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Title: Cytokine and Chemokine Expression Associated with Steatohepatitis and Hepatocyte Proliferation in Rats Fed Ethanol Via Total Enteral Nutrition

Author
item RONIS, MARTIN
item BUTURA, ANGELICA
item KOROURIAN, SOHEILA
item SHANKAR, KARTIK
item SIMPSON, PIPPA
item BADEAUX, JAMIE
item ALBANO, EMANUELE
item INGELMAN-SUNDBERG, MAGNUS
item BADGER, THOMAS

Submitted to: Experimental Biology and Medicine
Publication Type: Peer Reviewed Journal
Publication Acceptance Date: 10/14/2007
Publication Date: 3/3/2008
Citation: Ronis, M.J., Butura, A., Korourian, S., Shankar, K., Simpson, P., Badeaux, J., Albano, E., Ingelman-Sundberg, M., Badger, T.M. 2008. Cytokine and chemokine expression associated with steatohepatitis and hepatocyte proliferation in rats fed ethanol via total enteral nutrition. Experimental Biology and Medicine. 233(3):344-355.

Interpretive Summary: One major health outcome in obesity is liver disease, such as steatohepatitis. There are many similarities between obesity-related and alcohol-related liver diseases. Both progress from benign and reversible fat accumulation to more serious inflammation and fibrosis. It is not known why only some people (overweight/obese or alcohol consumers) develop these conditions, while others do not. One factor that seems to be important, however, is the diet. Low carbohydrate diets have been reported to result in steatohepatitis (fat accumulation + inflammation in the liver). The current study was a comprehensive analysis of the time course of alcohol-induced liver disease in rats fed alcohol and low carbohydrate diets. We found that fat accumulation, increases in ethanol metabolism, and changes in liver cells that promote disease occur very early following alcohol consumption; whereas, the appearance of inflammation, oxidative stress, liver cell death, and tissue repair occur only after more chronic ethanol consumption. These data suggest when consumed with a low carbohydrate diet, alcohol stimulates liver factors (called cytokines and chemokines) that promote progression of alcoholic liver disease. Since a relatively large percentage of Americans consume alcohol on a regular basis, more research into the relationship of dietary factors, nutritional status, physical activity indices, and alcohol is required.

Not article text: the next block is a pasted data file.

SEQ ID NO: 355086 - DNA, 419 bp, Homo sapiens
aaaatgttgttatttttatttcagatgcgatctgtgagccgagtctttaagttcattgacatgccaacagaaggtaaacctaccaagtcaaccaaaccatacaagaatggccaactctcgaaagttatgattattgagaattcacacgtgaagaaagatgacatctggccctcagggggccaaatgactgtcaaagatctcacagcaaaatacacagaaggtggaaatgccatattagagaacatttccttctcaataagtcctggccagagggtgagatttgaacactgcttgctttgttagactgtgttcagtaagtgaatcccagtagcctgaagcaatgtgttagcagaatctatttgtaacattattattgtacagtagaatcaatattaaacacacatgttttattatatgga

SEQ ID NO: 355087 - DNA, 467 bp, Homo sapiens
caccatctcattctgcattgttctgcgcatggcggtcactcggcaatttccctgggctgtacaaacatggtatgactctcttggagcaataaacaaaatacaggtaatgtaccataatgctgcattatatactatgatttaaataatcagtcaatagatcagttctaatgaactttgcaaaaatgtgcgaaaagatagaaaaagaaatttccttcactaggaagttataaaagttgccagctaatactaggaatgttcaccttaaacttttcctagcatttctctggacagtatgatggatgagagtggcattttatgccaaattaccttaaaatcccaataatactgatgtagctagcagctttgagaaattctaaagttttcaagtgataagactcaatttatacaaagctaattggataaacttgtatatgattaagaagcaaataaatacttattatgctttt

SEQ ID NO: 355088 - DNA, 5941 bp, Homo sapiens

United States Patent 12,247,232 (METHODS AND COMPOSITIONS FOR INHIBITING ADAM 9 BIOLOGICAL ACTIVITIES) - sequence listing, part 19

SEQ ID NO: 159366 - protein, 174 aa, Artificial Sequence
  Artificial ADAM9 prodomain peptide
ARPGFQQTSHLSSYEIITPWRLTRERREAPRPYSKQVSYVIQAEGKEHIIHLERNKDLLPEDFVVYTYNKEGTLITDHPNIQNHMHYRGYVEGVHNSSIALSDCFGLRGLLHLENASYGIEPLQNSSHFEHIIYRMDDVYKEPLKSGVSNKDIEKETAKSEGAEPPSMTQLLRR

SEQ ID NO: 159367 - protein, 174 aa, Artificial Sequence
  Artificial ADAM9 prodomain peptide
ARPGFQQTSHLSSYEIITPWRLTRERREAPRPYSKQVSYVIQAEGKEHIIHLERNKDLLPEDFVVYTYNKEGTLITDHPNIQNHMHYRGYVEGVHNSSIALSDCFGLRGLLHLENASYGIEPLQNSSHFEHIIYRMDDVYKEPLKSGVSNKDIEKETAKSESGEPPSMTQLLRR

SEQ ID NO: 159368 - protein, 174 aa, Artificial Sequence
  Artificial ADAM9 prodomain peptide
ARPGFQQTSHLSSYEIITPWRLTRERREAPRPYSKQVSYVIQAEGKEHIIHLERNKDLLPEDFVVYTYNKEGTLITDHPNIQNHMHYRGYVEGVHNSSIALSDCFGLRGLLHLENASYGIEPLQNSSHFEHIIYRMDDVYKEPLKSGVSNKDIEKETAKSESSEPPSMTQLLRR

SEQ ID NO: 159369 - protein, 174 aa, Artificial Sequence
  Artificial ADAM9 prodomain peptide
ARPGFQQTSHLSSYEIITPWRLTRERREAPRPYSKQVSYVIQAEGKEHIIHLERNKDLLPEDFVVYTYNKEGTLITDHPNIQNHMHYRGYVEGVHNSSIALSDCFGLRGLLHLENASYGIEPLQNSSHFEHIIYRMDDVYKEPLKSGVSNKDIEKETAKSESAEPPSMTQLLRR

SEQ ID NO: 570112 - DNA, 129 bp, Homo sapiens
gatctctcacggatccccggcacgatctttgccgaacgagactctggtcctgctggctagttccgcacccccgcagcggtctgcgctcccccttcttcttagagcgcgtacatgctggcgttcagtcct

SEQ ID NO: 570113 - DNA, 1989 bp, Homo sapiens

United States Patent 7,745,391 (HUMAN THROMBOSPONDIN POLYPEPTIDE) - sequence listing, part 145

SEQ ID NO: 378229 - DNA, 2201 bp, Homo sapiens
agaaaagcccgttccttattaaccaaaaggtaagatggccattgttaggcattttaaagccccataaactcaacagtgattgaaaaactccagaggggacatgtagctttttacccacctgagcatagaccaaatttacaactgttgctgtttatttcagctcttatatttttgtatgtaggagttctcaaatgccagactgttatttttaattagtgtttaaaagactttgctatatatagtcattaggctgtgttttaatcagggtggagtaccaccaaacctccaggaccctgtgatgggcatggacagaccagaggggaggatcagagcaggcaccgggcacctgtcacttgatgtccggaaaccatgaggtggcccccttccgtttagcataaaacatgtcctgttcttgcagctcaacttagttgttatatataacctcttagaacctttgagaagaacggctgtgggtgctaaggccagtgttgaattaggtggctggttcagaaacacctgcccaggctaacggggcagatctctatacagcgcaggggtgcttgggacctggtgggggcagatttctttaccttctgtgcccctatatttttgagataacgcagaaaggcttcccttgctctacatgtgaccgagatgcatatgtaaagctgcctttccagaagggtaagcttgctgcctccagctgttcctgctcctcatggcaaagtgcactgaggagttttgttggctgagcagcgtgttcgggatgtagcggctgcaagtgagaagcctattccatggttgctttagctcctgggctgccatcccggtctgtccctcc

Technical Abstract: One major health outcome in obesity is liver disease, such as steatohepatitis. There are many similarities between obesity-related and alcohol-related liver diseases. Both progress from benign and reversible fat accumulation to more serious inflammation and fibrosis. It is not known why only some people (overweight/obese or alcohol consumers) develop these conditions, while others do not. One factor that seems to be important, however, is the diet. Low carbohydrate diets have been reported to result in steatohepatitis (fat accumulation + inflammation in the liver). The current study was a comprehensive analysis of the time course of alcohol-induced liver disease in rats fed alcohol and low carbohydrate diets. We found that fat accumulation, increases in ethanol metabolism, and changes in liver cells that promote disease occur very early following alcohol consumption; whereas, the appearance of inflammation, oxidative stress, liver cell death, and tissue repair occur only after more chronic ethanol consumption. These data suggest when consumed with a low carbohydrate diet, alcohol stimulates liver factors (called cytokines and chemokines) that promote progression of alcoholic liver disease. Since a relatively large percentage of Americans consume alcohol on a regular basis, more research into the relationship of dietary factors, nutritional status, physical activity indices, and alcohol is required.